How Would NFL Games Behind Closed Doors Work?

Amid the coronavirus outbreak, the NFL is keeping a number of contingency plans in place in the event of the pandemic impacting the season in September.

The NFL has already made significant changes to the offseason. Holding the draft and offseason programs virtually and perhaps most notably cancelling the international series, instead playing those games in the United States. According to Mike Florio of Profootballtalk, there is an “extremely small” chance that the season doesn’t happen, so that could mean games are played without fans, with a limited number of fans or full stadiums.

The biggest potential impediment to playing football will be the availability of adequate and efficient testing, both for football personnel and the general public. Fortunately, it is currently expected that a large quantity of testing kits will be available and that the process will be straightforward. In all likelihood, games behind closed doors could be a theme until a vaccine is found for COVID-19 in every major sport across the globe. But the question is what would behind closed doors action look like?

Several sports have already been experimenting with behind closed doors play, most notably soccer.  Germany’s Bundesliga was one of the first major sporting leagues to resume on May 16th, but in order to maintain safety, officials have enforced strict guidelines.

Fredi Bobic, a sporting director for Eintracht Frankfurt, a team based in midwest Germany believes the Bundesliga will set an example for all major sporting leagues to follow suit.

“Everybody will watch the Bundesliga to see how the players are on the field and outside the field. Hopefully they will do it positively. A lot of our colleagues can participate in that if everything works, the handbook, the plan, everything, we can give that to other federations and other sports.” Bobic said in his interview with ESPN.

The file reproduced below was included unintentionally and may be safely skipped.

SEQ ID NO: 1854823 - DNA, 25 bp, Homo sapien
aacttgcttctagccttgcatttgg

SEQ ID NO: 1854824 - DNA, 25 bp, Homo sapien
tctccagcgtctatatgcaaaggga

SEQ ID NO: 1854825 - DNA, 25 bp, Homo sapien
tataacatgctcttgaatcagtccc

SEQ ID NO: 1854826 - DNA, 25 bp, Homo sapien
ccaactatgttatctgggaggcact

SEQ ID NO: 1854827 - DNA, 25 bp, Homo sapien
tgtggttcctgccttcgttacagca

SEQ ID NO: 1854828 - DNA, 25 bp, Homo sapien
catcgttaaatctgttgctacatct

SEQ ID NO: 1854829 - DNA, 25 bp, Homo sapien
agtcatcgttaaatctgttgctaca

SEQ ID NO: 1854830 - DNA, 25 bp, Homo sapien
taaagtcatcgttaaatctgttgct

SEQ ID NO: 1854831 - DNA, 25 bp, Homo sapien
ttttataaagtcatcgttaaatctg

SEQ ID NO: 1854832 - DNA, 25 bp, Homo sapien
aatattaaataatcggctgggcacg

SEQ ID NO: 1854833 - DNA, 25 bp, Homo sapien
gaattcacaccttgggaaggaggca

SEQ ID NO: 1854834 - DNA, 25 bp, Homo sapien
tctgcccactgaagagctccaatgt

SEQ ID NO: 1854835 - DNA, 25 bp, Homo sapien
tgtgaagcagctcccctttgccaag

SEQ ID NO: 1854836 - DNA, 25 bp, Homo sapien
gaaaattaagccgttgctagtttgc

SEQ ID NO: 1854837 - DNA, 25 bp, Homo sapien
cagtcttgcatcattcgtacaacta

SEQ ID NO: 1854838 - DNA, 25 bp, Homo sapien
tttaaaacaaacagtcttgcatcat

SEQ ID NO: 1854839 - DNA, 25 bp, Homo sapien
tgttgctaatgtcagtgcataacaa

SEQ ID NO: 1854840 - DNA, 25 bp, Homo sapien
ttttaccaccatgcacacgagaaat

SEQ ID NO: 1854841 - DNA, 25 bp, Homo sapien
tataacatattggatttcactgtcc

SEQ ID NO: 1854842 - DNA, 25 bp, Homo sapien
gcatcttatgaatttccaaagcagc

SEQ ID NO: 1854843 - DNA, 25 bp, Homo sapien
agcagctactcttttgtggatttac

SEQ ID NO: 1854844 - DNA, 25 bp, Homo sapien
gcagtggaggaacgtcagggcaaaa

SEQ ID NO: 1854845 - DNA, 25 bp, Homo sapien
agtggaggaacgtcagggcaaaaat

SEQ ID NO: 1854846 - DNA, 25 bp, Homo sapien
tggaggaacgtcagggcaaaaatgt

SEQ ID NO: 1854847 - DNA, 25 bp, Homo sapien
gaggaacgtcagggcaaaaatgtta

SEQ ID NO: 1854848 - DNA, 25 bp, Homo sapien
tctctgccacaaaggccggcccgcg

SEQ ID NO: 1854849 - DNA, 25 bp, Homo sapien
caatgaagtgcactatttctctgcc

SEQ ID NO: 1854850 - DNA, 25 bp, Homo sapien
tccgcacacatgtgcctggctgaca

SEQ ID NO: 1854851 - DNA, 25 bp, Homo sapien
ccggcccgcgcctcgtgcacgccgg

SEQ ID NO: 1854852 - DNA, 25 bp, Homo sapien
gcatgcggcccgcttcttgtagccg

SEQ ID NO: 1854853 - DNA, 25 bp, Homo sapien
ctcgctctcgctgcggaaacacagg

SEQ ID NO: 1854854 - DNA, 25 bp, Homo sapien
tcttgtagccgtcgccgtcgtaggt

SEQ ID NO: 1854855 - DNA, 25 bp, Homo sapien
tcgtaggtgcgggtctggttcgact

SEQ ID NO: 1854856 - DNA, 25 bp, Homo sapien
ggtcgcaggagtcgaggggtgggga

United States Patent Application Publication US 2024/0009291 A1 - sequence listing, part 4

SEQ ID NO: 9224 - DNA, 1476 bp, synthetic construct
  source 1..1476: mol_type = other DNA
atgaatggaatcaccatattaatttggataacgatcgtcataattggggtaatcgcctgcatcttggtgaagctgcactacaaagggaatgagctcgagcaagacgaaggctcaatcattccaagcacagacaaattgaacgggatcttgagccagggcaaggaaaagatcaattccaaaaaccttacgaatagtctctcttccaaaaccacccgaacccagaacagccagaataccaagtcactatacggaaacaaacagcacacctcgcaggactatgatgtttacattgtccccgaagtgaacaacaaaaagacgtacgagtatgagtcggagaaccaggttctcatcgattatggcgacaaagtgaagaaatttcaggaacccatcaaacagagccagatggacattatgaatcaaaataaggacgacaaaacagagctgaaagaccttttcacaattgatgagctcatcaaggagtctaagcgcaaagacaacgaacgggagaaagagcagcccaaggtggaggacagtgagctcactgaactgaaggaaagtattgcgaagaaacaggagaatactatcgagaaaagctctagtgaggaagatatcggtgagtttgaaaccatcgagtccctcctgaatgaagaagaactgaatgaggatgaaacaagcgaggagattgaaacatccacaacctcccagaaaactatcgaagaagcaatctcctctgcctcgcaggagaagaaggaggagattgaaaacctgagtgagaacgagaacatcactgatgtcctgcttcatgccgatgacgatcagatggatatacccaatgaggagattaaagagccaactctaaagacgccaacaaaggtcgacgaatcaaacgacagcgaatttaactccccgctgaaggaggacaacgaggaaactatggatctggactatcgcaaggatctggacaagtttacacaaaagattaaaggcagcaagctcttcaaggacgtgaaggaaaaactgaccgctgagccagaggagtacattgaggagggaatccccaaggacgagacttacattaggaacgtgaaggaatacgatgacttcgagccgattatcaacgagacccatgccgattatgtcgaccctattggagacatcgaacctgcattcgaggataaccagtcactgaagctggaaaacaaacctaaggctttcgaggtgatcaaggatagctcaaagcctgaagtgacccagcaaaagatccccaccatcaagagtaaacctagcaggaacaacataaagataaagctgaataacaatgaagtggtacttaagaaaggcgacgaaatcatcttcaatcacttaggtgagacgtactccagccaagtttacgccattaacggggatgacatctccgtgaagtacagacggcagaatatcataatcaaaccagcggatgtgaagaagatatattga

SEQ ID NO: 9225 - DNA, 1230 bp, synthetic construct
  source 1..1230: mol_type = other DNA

So what could precautionary measures look like for the NFL in September?

The Bundesliga permitted a maximum of 300 people, including players, staff and officials, to be in or around the stadiums during match days. This list also includes essential media, anti-doping officials, stewards, security, ground staff and ball boys. They all have their temperature checked on arrival. Anyone deemed a risk will be sent home. Although a personnel figure for NFL games will likely be higher, when factoring in a 53 man roster is substantially bigger than eighteen man soccer team. Therefore the number of essential personnel needed could well be closer to the 400 mark.

As part of precautions Bundesliga teams have forked out a whopping €2.2m for 25,000 tests. To comply with government guidelines, players and essential club staff are and will continually be tested twice a week. In the event of a player and/or member of staff testing positive, squads have been forced to go into a two week quarantine as a precaution. Players and staff for the home team arrive in their own personal vehicles, while personnel for the road team arrive in three buses to maintain social distancing.

In an attempt to prevent fans from congregating outside stadiums, German officials pleaded with supporters to respect the guidelines as well as threatening to cancel games in the event of such an incident occurring. The first round of fixtures on May 16th went unscathed and the league will continue to play until the end of June.

Behind closed doors action appears all set to be normality for the meanwhile, Germany’s Bundesliga has the chance to set the precedent for the world and they may just do that.

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